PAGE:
applications and it cannot run applications off the SD Card. The secondary memory for music, image and
general storage installed in DROID is 16 GB microSD, a removable flash memory cards. It also can support
up to 32 GB microSD.
Camera: The camera with automatic focus and dual led has 5 MP megapixels and 4x digital zoom, it has
the features like image stabilization, real-time color effects, scene modes and location tagging.
Sensor: The sensor in DROID has proximity, ambient light and eCompass.
Screen: The screen is 3.7 inch with 16:9 widescreen with TFT display type.
Battery: The DROID uses 1400 Ah Li Ion battery with up to 270 hours standby time, the continuous usage
time is up to 358 minutes.
Media and Network: The DROID has the audio and video streaming media and supports multiple video
formats like AAC, MP3, WAV, MIDI and so on. It supports Wi-Fi and Bluetooth, the GPS provides the
service like aGPS, sGPS, Google maps, eCompass.
The iPhone operating system is used on iPhon3, iTouch and iPad.
Processor: Samsung S5PC100 (ARM Cortex A8 @ 600 MHz. The processor in the 3GS at 600 MHz is 1.5x
faster in terms of raw MHz, but it’s based on the Cortex A8 which uses the more advanced ARM v7
architecture versus the 3G model at ARM v6.
Memory and secondary storage: The memory in iPhone is only 128MB, but it supports 8GB second
storage for general storage.
Screen: The screen in iPhone is a 9 cm liquid crystal display with scratch-resistant glass and 18-bit color.
The touch screen has multi-touch sensing and its touch and gesture features are based on technology
developed by FingerWorks .
Sensor: The iPhone has three sensors, proximity sensor deactivates the display and touch screen, it save
the battery power and prevent inadvertent inputs. The ambient light sensor adjusts the display
brightness and hence also saves the battery power. The 3-axis accelerometer sensor senses the
orientation of the phone and changes the screen accordingly. Plus, moisture sensor installed in iPhone is
capable to detect whether the device has been affected or damaged by water.
Media and network: The audio processing plug-ins, known as audio units, can be dynamically accessed
from the user’s iPhone OS application. It allows user to add a variety of useful, prepackaged audio
features and take advantage of the low latency that audio units offer. iPhone OS ships with audio units
that support mixing, equalization, format conversion, and I/O for recording, playback, or live chat. The
built-in Bluetooth 2.x + EDR support the wireless earpieces and headphones. Stereo audio was added in
the 3.0 update for hardware that supports A2DP. With these profiles, iPhone can exchange multimedia
files like pictures, music and video, with other Bluetooth enabled cell phones
Battery: iPhone has an internal rechargeable battery which is not user-replaceable. The battery can be
charged when connect the iPhone to a computer via USB to dock connector cable. The official report from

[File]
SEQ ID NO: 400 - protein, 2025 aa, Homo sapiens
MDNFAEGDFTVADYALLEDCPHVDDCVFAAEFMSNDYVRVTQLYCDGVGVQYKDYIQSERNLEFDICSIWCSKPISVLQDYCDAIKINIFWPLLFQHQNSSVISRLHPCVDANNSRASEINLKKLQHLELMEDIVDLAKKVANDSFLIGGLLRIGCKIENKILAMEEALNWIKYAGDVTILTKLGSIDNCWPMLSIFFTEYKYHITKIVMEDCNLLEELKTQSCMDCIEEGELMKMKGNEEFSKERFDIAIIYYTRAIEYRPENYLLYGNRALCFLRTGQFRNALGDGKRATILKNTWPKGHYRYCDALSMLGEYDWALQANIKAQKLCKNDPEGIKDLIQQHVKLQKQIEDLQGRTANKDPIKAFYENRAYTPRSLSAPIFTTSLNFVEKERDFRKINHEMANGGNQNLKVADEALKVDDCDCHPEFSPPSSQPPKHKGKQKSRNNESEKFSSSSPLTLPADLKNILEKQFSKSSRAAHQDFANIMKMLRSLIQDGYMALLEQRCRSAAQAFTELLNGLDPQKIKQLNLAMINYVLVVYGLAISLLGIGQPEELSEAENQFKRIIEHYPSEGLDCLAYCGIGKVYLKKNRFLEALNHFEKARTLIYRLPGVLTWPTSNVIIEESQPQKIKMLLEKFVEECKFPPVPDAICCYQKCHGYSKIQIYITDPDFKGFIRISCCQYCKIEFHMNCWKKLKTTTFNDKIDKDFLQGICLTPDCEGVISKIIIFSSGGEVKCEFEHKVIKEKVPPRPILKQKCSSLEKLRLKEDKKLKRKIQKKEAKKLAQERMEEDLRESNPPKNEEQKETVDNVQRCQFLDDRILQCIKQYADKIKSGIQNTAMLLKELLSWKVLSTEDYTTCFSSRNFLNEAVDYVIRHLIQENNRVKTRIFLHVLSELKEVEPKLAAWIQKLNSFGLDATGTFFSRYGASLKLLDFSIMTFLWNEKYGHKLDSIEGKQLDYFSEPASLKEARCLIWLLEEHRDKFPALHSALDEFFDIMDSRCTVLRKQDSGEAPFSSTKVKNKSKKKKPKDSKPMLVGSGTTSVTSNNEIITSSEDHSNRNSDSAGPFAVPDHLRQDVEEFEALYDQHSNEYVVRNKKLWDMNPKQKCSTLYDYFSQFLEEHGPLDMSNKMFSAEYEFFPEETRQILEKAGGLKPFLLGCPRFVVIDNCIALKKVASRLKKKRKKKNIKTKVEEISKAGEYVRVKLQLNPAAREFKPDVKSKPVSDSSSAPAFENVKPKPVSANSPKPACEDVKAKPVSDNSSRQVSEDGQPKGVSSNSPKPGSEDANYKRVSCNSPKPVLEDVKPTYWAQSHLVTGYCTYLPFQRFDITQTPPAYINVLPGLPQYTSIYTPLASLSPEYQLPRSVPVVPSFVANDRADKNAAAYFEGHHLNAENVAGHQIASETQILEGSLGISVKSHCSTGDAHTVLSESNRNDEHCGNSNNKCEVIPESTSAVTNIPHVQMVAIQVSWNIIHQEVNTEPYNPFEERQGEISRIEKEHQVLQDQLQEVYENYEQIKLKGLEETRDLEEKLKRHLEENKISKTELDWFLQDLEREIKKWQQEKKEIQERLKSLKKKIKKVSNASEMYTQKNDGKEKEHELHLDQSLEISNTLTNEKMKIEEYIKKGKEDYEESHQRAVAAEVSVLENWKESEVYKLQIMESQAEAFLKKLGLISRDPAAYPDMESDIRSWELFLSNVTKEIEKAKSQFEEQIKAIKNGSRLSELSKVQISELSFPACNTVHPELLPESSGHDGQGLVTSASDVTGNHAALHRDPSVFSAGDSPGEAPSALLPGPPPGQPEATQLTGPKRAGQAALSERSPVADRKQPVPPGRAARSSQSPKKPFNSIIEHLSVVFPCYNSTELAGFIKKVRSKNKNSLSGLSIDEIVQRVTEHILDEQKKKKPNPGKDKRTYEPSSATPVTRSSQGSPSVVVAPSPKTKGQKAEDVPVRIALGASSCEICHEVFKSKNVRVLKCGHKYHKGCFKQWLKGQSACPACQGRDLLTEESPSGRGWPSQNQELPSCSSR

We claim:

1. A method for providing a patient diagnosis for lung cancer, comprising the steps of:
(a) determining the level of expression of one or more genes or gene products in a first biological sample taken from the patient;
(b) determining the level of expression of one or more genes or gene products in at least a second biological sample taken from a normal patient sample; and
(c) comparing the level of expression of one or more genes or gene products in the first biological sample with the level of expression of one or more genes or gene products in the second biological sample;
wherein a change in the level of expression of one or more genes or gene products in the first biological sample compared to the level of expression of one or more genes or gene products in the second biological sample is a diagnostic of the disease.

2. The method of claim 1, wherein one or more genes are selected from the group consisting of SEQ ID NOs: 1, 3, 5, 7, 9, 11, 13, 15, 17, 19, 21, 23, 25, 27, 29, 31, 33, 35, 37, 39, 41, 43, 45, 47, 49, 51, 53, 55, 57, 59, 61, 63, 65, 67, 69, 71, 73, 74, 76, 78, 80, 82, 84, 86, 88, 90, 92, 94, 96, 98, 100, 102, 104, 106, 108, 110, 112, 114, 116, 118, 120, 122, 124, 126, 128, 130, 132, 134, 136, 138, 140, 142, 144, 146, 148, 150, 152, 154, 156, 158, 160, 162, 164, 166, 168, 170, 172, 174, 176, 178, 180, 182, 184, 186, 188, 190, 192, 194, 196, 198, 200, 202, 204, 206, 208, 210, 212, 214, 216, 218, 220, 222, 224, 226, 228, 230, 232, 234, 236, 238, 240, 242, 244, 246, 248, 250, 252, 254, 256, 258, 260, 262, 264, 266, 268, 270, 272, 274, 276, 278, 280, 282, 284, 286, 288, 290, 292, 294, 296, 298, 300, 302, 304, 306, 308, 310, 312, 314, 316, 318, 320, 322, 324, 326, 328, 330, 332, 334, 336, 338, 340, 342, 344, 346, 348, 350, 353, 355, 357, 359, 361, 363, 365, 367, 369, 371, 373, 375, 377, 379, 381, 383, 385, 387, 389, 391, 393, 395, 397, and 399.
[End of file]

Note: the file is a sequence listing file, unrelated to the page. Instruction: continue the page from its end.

Apple's website says that the battery life is designed to retain up to 80% of its original capacity after 400
full charge and discharge cycles. The iPhone's battery is capable of providing up to 250 hours standby, 24
hours of music, seven hours of video, six hours of web browsing and eight hours of talk time.
Camera: iPhone has a built-in fixed focus 2.0 megapixel camera located on the back for digital photos. The
camera has no optical zoom, flash or auto-focus, and does not supporting video recording neither. iPhone
3GS has a 3.2 megapixel camera which supports auto focus, auto white balance and video recording. The
video can be uploaded to YouTube or other services directly.
4 System management
4.1 Thread management
When the first of an application's components needs to be run, Android starts UI thread, a Linux process
for it with a single thread of execution. The UI thread, which also know as main thread is automatically
created when an Android application is started. UI thread is very important because it takes in charge of
dispatching the event to the appropriate widgets. UI thread also the thread people interact with the
Android widgets. When people touches a button, the UI thread will dispatches the touch event to the
widget which in turn sets its pressed state and posts an invalidate request to the event queue. It
dequeues the request and notifies the widget to redraw itself. By default, all components of the
application run in that process and thread. Each component is run by a process, and the component
elements have a process attribute which specify the process where the component should run. By setting
bthe attributes in different way, it is easy to know whether the component run in its own process or share
a process with other components. No component should perform long operation when called by the
system in order not to block other components which also in the process. Besides, when the memory is
low and other processes have more immediately requirement, the Android will decide to shut down a